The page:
# Where does the factor of $x$ come from in this formula for expectation value?

Given the normalised ground-state wave-function: $$\Psi(x, t)=\begin{cases} \sqrt\frac{2}{d}\cos(\frac{\pi x}{d})e^\frac{-i\hbar\pi^2t}{2md^2} & \ \lvert x\rvert<\frac{d}{2}, \\ 0 & \text{otherwise.} \end{cases}$$ for a particle of mass $m$ confined to potential well of form: $$V(x)=\begin{cases} 0 & \ \lvert x\rvert<\frac{d}{2}, \\ \infty & \text{otherwise.} \end{cases}$$ show that $\langle x\rangle =0$

I'm told that the correct answer is $$\langle x\rangle=\int_{-\frac{d}{2}}^\frac{d}{2} x\frac{2}{d}\cos^2\biggl(\frac{\pi x}{d}\biggr)\mathrm{d}x=0$$ as the integrand is an odd function. But I don't understand why the integrand takes this form. Could some please explain it to me? I would like to know where the $x$ comes from? Thanks.

Expectation of $x$ is the position of the particle and by my logic this is $\langle x\rangle = \int\psi^*(x)\psi(x)dx=\int_{-\frac{d}{2}}^\frac{d}{2} \frac{2}{d}\cos^2\biggl(\frac{\pi x}{d}\biggr)\mathrm{d}x$ basically without the factor $x$ as shown above which was my reason for asking about it.

• Do you know what the definition of $\langle x \rangle$ is? – FenderLesPaul Jul 19 '15 at 8:55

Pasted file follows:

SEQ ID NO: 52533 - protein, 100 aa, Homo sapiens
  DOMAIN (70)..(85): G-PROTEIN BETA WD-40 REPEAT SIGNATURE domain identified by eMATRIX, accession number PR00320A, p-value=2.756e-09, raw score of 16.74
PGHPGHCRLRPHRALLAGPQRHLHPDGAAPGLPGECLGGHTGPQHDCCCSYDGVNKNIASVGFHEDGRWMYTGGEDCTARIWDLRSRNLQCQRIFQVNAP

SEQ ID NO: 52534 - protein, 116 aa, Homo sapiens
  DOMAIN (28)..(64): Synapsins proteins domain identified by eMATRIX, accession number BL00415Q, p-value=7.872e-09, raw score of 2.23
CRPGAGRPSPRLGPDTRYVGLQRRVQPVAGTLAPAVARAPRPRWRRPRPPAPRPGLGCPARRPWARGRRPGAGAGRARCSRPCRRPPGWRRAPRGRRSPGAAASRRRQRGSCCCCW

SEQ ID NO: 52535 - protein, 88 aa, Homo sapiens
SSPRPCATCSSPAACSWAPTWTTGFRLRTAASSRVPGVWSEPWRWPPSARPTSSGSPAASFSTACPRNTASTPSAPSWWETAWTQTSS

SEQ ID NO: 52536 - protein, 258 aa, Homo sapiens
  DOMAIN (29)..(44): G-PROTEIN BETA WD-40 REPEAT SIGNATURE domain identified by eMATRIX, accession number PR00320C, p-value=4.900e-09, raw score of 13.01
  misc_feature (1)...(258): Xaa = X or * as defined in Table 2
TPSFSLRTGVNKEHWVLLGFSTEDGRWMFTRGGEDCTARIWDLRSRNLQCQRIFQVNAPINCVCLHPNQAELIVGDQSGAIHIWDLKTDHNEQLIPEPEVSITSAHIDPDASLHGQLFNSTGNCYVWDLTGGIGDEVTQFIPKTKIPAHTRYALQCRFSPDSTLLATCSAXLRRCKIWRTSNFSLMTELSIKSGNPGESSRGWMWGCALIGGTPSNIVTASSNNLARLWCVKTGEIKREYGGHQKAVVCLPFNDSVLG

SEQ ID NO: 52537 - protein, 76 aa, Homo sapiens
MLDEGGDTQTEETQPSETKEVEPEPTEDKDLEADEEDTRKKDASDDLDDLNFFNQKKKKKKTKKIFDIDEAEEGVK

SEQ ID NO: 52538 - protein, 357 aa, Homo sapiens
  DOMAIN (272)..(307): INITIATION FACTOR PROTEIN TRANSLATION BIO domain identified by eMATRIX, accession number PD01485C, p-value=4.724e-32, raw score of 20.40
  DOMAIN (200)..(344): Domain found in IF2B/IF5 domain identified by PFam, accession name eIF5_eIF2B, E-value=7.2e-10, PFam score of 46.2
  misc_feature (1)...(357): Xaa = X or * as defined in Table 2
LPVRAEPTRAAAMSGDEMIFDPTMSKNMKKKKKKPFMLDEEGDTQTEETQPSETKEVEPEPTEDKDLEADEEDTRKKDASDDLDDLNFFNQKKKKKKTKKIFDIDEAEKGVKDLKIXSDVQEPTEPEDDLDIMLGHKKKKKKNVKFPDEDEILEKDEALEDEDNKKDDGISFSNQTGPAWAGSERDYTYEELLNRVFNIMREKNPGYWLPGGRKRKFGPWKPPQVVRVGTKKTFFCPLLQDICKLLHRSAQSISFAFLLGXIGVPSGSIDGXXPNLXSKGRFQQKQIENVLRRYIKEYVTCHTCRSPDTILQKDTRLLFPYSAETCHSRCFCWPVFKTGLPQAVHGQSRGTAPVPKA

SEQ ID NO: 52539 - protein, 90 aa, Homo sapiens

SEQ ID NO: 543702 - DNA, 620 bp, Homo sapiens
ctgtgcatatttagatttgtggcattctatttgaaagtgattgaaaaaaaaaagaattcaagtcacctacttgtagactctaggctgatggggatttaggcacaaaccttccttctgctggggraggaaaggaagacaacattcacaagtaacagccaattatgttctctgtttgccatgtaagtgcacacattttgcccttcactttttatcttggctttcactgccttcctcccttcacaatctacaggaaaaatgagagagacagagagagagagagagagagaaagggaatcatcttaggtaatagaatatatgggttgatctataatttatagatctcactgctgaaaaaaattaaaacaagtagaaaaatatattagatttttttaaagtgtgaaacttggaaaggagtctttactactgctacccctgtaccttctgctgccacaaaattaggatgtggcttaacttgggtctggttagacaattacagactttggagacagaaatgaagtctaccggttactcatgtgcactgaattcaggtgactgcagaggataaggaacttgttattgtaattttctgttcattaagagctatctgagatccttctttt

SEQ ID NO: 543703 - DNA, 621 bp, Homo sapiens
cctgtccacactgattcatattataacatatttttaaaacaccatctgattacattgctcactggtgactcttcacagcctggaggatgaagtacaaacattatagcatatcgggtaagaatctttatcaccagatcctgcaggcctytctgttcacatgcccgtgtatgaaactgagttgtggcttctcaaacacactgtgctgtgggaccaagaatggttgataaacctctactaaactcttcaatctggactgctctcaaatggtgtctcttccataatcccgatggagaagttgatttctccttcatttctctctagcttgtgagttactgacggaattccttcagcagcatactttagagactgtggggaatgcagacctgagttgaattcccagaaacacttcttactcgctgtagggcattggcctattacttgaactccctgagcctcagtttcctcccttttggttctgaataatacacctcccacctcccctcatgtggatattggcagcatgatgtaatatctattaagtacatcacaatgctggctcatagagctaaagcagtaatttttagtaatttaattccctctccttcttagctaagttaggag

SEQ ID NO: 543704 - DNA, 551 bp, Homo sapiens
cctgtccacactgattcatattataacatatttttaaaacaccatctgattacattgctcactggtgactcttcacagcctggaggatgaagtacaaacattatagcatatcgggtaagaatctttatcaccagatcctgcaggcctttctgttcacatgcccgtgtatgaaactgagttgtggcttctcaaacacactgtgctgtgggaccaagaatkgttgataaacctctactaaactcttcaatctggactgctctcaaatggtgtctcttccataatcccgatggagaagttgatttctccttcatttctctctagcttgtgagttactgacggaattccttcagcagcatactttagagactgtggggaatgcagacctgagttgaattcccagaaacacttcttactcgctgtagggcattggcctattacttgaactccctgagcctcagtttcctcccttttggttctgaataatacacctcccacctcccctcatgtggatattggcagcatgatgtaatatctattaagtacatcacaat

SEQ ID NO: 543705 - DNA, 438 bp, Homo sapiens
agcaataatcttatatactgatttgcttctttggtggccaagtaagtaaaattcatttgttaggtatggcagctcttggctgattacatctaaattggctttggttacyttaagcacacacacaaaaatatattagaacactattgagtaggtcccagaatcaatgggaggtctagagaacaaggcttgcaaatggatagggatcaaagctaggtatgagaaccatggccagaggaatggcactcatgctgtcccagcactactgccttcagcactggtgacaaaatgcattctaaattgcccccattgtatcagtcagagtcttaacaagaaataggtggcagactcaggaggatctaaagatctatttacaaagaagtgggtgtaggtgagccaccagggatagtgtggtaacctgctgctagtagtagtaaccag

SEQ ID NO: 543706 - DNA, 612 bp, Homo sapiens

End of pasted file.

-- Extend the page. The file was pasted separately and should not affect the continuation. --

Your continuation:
• @FenderLesPaul Thanks for your reply. Yes expectation of $x$ is the position of the particle and by my logic this is $\langle x\rangle = \int\psi^*(x)\psi(x)dx=\int_{-\frac{d}{2}}^\frac{d}{2} \frac{2}{d}\cos^2\biggl(\frac{\pi x}{d}\biggr)\mathrm{d}x$ basically without the factor $x$ as shown above which was my reason for asking about it. – BLAZE Jul 19 '15 at 9:45
• Methinks you need a review of expectation values. – Kyle Kanos Jul 19 '15 at 14:41
• I'm curious as to why people are still voting to close this. It looks like a perfectly fine homework question to me. – David Z Jul 19 '15 at 15:57

The definition of the expectation value of an operator A is $$\langle A\rangle=\int{\psi^* (x) A(x) \psi (x) dx}$$ (because it represents "the value of the variable" $A(x)$ times "the probability of being in that configuration" $P(x)=\psi^* (x) \psi (x)$) and for the particular case of the expectation value of the position operator $$\langle x\rangle=\int{x \psi^* (x) \psi (x) dx}$$ that is the origin of your extra $x$.

$$\int_{-\frac{d}{2}}^{\frac{d}{2}}\psi^*(x)\psi(x)dx$$ is the probability of finding particle between $-\frac{d}{2}$ and $\frac{d}{2}$.

Expectation value is : $$\langle x\rangle=\langle \psi|\hat{x}|\psi\rangle$$

$|\psi\rangle$ is the summation of probability amplitude times given basis kets

$$|\psi\rangle = \sum_i c_i |{e_i}\rangle$$ $$c_i=\langle{e_i}|\psi\rangle$$ probability is ${c_i}^2=({c_i}^*)c_i=(\langle{e_i}|\psi\rangle^*)\langle{e_i}|\psi\rangle=\langle\psi|{e_i}\rangle\langle{e_i}|\psi\rangle$.

if you want expectation value, you need "value times probability". An example is casting a dice, expectation value is 1*1/6+2*1/6+3*1/6+4*1/6+5*1/6+6*1/6.

back to the particle in a box, you need $x_i \times \langle \psi|x_i\rangle\langle x_i|\psi\rangle$, $|x_i\rangle$ is the state of the particle located at $x_i$. you need to add up all "x * prob of the particle located at x" from -d/2 to d/2. since position is continuous, you need to do integration.